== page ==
Central fatigue during high-intensity intermittent pedaling
Abstract Introduction: The central-governor model explains the mechanism of endurance exercise-induced central fatigue, but high-intensity exercise-induced central fatigue has not been investigated yet. This study aimed to research how central fatigue during high-intensity intermittent pedaling alters the neural response, which results in Electroencephalography (EEG) recordings.
Methods: We assessed neural response by measuring the alternation of brainwave spectral power during an intermittent high-intensity 60-minute exercise on an ergometer cycle. The cadences were changed every 10 minutes according to intermittent pattern altering (90-120-60-120-60-90 rpm). EEG was used to analyze altering brain function. Heart Rate (HR), Blood Lactate (BL), and Rating of Perceived Exertion (RPE) were measured after the change in cadences.
Results: HR, BL, and RPE increased at a cadence of 120 rpm compared with 60 rpm on the ergometer cycle. The spectral power of EEG, according to cadence × brainwaves, significantly increased (P<0.01) in the alpha and beta frequency ranges with a change in cadences between 60 rpm and 120 rpm. The spectral power of the EEG significantly increased (P<0.01) over the whole frequency range from rest to warming (theta: 251%, alpha: 165%, beta: 145%) and significantly reduced in theta, alpha, and beta (theta: 176%, alpha: 142%, beta: 77%) (P≤0.01).
Conclusion: High-intensity exercises (90 and 120 cadences) increased brain function, regardless of fatigue occurrence. High-intensity interval training (HIIT) led to altering the neural response. It would be required to investigate the usefulness of HIIT to treat some of the psychotic disorders. Highlights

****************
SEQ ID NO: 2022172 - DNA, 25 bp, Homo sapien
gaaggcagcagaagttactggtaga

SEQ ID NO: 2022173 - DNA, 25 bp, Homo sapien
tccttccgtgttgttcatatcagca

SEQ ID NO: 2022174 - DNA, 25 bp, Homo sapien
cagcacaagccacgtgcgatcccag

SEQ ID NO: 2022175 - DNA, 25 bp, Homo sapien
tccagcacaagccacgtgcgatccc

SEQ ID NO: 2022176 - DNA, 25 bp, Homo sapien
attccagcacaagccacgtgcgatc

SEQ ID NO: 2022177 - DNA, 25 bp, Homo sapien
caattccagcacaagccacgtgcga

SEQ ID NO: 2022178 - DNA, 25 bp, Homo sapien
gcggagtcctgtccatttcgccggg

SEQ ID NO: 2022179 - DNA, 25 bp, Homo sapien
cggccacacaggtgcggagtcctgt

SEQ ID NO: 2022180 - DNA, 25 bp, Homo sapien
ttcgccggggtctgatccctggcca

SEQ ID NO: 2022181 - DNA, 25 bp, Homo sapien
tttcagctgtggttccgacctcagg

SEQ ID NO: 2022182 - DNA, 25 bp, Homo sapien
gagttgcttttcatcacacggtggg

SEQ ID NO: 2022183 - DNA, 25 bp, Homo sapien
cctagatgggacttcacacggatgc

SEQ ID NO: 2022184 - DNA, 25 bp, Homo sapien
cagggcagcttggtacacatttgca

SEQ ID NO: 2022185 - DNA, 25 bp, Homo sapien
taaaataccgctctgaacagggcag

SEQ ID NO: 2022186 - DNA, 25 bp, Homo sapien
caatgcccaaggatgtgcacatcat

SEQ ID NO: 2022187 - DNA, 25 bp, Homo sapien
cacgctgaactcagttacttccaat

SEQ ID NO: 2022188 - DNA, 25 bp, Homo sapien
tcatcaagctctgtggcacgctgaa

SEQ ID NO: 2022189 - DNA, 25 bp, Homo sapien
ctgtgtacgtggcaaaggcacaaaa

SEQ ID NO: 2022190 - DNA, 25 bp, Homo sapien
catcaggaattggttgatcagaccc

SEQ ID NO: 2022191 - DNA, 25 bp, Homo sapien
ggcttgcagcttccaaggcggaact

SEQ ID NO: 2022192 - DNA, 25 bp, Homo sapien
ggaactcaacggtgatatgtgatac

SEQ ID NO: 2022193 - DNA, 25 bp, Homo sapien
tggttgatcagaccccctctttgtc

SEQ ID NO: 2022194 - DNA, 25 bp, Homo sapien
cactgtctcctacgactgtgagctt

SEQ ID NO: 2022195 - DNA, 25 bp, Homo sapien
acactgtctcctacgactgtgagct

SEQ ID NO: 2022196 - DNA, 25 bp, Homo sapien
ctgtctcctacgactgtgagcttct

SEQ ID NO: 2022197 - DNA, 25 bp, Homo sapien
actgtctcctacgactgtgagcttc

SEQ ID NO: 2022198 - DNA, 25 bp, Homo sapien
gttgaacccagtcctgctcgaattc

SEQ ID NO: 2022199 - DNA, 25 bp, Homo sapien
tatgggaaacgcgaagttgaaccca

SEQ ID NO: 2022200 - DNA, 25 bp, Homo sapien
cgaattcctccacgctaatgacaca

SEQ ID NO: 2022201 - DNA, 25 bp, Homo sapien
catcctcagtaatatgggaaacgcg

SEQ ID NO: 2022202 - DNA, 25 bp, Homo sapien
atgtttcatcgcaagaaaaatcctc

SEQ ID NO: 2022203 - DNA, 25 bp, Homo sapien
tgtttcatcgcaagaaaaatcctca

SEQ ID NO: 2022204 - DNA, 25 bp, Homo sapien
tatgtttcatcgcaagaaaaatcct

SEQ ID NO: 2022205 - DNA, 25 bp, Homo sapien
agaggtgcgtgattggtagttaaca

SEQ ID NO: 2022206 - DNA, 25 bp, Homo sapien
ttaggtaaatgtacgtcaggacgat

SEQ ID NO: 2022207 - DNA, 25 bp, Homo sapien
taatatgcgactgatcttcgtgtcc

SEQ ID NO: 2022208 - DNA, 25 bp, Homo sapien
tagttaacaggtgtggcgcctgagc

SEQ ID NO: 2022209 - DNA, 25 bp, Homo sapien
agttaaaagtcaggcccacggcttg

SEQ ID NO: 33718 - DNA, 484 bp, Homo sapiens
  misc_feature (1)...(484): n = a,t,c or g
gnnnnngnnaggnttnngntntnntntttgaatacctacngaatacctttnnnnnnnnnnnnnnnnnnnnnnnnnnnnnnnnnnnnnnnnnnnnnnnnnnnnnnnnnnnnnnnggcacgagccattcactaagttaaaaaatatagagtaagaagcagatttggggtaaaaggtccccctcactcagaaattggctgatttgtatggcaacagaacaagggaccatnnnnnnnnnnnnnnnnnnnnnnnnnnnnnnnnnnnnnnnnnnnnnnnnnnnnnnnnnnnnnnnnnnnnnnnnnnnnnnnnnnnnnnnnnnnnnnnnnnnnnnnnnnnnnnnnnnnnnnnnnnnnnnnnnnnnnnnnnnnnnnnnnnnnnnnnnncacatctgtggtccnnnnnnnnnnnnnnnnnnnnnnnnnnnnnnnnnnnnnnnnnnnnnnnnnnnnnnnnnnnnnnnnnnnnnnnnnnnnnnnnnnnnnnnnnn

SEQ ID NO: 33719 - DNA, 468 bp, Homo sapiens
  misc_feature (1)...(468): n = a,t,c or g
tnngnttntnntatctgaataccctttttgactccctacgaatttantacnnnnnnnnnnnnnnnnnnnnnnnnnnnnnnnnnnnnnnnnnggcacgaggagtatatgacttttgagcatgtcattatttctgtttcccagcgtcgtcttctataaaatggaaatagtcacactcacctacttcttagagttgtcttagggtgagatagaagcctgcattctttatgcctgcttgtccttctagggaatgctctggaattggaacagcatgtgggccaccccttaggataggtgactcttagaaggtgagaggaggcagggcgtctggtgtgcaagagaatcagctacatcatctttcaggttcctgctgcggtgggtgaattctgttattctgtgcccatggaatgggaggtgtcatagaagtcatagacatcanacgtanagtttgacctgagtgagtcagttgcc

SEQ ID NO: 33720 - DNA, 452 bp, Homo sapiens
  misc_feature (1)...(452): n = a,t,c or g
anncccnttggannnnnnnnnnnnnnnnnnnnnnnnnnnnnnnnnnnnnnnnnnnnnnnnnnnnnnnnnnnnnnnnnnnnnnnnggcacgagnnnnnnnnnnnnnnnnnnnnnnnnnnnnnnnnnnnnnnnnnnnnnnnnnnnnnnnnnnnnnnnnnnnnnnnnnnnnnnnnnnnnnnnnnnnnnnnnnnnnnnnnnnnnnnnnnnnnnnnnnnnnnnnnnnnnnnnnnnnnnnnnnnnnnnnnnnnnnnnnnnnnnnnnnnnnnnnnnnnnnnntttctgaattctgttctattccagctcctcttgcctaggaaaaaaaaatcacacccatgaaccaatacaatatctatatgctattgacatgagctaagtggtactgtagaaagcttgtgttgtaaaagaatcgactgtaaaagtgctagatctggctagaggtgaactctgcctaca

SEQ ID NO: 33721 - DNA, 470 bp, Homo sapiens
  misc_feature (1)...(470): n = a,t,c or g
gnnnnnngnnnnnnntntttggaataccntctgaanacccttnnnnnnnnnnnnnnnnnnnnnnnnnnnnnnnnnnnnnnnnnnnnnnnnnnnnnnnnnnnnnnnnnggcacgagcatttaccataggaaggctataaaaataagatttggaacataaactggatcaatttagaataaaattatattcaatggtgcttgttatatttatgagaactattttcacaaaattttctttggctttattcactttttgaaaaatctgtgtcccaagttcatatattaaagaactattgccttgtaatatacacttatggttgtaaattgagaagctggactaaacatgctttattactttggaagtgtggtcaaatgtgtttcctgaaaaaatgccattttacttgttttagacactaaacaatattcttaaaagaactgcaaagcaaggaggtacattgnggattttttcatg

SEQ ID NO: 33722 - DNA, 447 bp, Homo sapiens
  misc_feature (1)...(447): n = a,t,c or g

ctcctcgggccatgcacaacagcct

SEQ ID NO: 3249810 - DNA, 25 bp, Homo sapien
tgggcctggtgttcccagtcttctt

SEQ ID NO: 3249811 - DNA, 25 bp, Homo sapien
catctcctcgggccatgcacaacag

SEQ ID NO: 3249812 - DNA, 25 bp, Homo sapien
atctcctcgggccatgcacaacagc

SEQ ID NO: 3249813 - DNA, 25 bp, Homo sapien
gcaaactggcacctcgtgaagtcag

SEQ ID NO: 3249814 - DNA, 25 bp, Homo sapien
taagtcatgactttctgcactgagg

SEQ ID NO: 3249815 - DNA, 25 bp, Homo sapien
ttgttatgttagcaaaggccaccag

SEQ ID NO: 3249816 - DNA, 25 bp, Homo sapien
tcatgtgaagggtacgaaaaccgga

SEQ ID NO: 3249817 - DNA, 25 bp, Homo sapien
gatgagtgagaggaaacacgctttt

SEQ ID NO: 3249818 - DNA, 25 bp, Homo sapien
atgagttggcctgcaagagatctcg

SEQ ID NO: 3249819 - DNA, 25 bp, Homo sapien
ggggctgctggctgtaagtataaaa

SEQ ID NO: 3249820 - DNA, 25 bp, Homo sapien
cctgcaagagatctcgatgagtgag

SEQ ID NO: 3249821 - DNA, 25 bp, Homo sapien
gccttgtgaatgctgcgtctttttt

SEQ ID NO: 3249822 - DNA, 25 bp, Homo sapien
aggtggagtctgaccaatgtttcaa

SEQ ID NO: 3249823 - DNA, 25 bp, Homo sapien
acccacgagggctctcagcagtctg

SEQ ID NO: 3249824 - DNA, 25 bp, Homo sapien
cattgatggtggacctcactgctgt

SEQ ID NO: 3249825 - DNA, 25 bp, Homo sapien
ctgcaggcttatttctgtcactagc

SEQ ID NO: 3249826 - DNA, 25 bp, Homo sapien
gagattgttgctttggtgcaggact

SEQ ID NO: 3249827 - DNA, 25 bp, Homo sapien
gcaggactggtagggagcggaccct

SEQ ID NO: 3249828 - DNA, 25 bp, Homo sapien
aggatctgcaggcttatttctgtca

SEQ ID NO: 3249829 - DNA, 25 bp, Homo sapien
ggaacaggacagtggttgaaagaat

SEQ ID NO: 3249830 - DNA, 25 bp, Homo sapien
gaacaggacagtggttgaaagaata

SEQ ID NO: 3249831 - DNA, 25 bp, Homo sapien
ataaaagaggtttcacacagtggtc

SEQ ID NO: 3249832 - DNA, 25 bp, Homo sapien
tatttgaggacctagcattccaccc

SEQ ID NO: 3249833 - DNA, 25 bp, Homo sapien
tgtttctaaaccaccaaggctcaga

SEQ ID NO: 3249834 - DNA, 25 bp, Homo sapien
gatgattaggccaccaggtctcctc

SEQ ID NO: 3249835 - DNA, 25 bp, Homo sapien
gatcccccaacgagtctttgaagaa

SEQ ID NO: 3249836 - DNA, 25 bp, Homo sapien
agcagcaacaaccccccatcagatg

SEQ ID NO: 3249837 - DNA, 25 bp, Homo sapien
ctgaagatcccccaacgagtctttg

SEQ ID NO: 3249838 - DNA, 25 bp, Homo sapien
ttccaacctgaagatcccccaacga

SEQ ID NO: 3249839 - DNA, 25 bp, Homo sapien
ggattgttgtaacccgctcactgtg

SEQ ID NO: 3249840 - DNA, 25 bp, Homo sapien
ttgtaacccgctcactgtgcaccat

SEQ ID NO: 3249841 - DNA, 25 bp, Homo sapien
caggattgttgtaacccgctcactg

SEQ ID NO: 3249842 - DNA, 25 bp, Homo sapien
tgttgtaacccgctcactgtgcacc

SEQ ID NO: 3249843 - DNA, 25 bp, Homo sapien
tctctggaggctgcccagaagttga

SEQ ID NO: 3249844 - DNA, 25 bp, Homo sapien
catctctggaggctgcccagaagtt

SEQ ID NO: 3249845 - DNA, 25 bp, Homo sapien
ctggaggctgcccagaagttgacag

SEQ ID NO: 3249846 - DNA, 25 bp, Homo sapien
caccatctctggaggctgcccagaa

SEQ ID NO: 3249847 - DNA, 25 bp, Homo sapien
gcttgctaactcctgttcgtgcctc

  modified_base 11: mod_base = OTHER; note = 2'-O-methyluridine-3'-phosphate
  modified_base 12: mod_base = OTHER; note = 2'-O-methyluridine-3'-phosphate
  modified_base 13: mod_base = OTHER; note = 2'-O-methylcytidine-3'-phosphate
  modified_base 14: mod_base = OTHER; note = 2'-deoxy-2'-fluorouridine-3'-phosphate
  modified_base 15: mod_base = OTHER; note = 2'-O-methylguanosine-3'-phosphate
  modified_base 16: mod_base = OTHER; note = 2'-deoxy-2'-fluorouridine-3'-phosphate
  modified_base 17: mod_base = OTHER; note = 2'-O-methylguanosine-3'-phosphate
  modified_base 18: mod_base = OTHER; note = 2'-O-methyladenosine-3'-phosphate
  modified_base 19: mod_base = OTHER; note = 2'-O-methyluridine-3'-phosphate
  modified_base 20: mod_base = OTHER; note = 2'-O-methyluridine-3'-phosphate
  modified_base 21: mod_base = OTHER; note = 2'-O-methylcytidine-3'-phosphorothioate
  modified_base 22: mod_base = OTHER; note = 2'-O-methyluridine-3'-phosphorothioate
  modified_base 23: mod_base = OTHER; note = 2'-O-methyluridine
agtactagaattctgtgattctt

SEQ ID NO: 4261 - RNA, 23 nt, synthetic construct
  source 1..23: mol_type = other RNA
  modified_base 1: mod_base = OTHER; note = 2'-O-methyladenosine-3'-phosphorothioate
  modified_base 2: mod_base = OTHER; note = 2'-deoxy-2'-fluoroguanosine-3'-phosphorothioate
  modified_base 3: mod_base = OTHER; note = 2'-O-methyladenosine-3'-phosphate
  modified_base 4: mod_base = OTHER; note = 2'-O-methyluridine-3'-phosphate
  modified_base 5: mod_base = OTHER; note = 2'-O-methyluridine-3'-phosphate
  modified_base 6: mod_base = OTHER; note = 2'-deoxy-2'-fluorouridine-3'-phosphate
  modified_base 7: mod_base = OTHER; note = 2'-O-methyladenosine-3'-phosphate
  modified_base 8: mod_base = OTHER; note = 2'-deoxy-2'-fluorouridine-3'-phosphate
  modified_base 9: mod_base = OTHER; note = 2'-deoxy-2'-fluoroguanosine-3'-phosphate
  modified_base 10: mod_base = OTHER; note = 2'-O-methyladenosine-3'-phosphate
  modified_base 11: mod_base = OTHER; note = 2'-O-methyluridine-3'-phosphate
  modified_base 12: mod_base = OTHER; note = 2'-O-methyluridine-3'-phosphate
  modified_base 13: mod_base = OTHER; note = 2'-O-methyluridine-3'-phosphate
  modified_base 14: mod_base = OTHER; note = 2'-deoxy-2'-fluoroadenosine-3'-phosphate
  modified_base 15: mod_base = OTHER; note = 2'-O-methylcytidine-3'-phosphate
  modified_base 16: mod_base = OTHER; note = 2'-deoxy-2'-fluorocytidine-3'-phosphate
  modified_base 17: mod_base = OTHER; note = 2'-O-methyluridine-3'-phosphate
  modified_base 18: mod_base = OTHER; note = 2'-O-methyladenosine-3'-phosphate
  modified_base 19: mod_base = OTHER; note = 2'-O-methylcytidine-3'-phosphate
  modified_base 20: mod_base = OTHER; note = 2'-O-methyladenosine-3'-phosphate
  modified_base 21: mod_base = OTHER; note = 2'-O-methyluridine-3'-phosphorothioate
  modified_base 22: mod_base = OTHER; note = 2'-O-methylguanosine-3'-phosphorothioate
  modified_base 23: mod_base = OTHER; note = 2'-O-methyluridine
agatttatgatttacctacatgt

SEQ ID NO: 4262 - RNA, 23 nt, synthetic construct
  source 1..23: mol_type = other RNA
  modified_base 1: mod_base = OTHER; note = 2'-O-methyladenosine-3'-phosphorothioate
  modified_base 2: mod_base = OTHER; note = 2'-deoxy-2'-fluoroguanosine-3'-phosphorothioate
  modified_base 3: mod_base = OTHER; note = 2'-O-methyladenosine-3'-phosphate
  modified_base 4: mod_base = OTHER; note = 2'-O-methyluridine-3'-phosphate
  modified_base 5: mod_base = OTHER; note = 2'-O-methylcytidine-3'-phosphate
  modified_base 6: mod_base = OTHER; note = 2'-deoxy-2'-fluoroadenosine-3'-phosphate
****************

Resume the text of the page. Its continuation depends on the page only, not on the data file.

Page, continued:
Central nervous system control in cardiac function largely depends on the intensity of training determined by a change of cadence in the ergometer cycle.
High-intensity interval training increases brain neural efficiency.
Exercise at high intensities improves metabolic function, cardiac function, and breathing capacity.
The brain’s role with attention to its neural response in changing position is crucial. We could emphasize it by planning appropriate training to improve the function of the brain.
Plain Language Summary The human brain is a complex part of the body that defines us as human. Sport and exercise are not food but feed the brain and other organs. The brain adjusts for varying commands by changing its functional and structural characteristics, which result in learning and acquiring new skills (in this article, the function is the high-intensity interval pedaling). We review the variety of brain activities induced by fatigue because of two main causes; 1. local muscular fatigue and 2. mental (central) fatigue. While the local muscular system can recover, the fatigue of the central nervous system can take much longer. High-intensity interval training has the largest impact on the central nervous and cognitive systems. These effects are interpreted as their behavioral outcomes.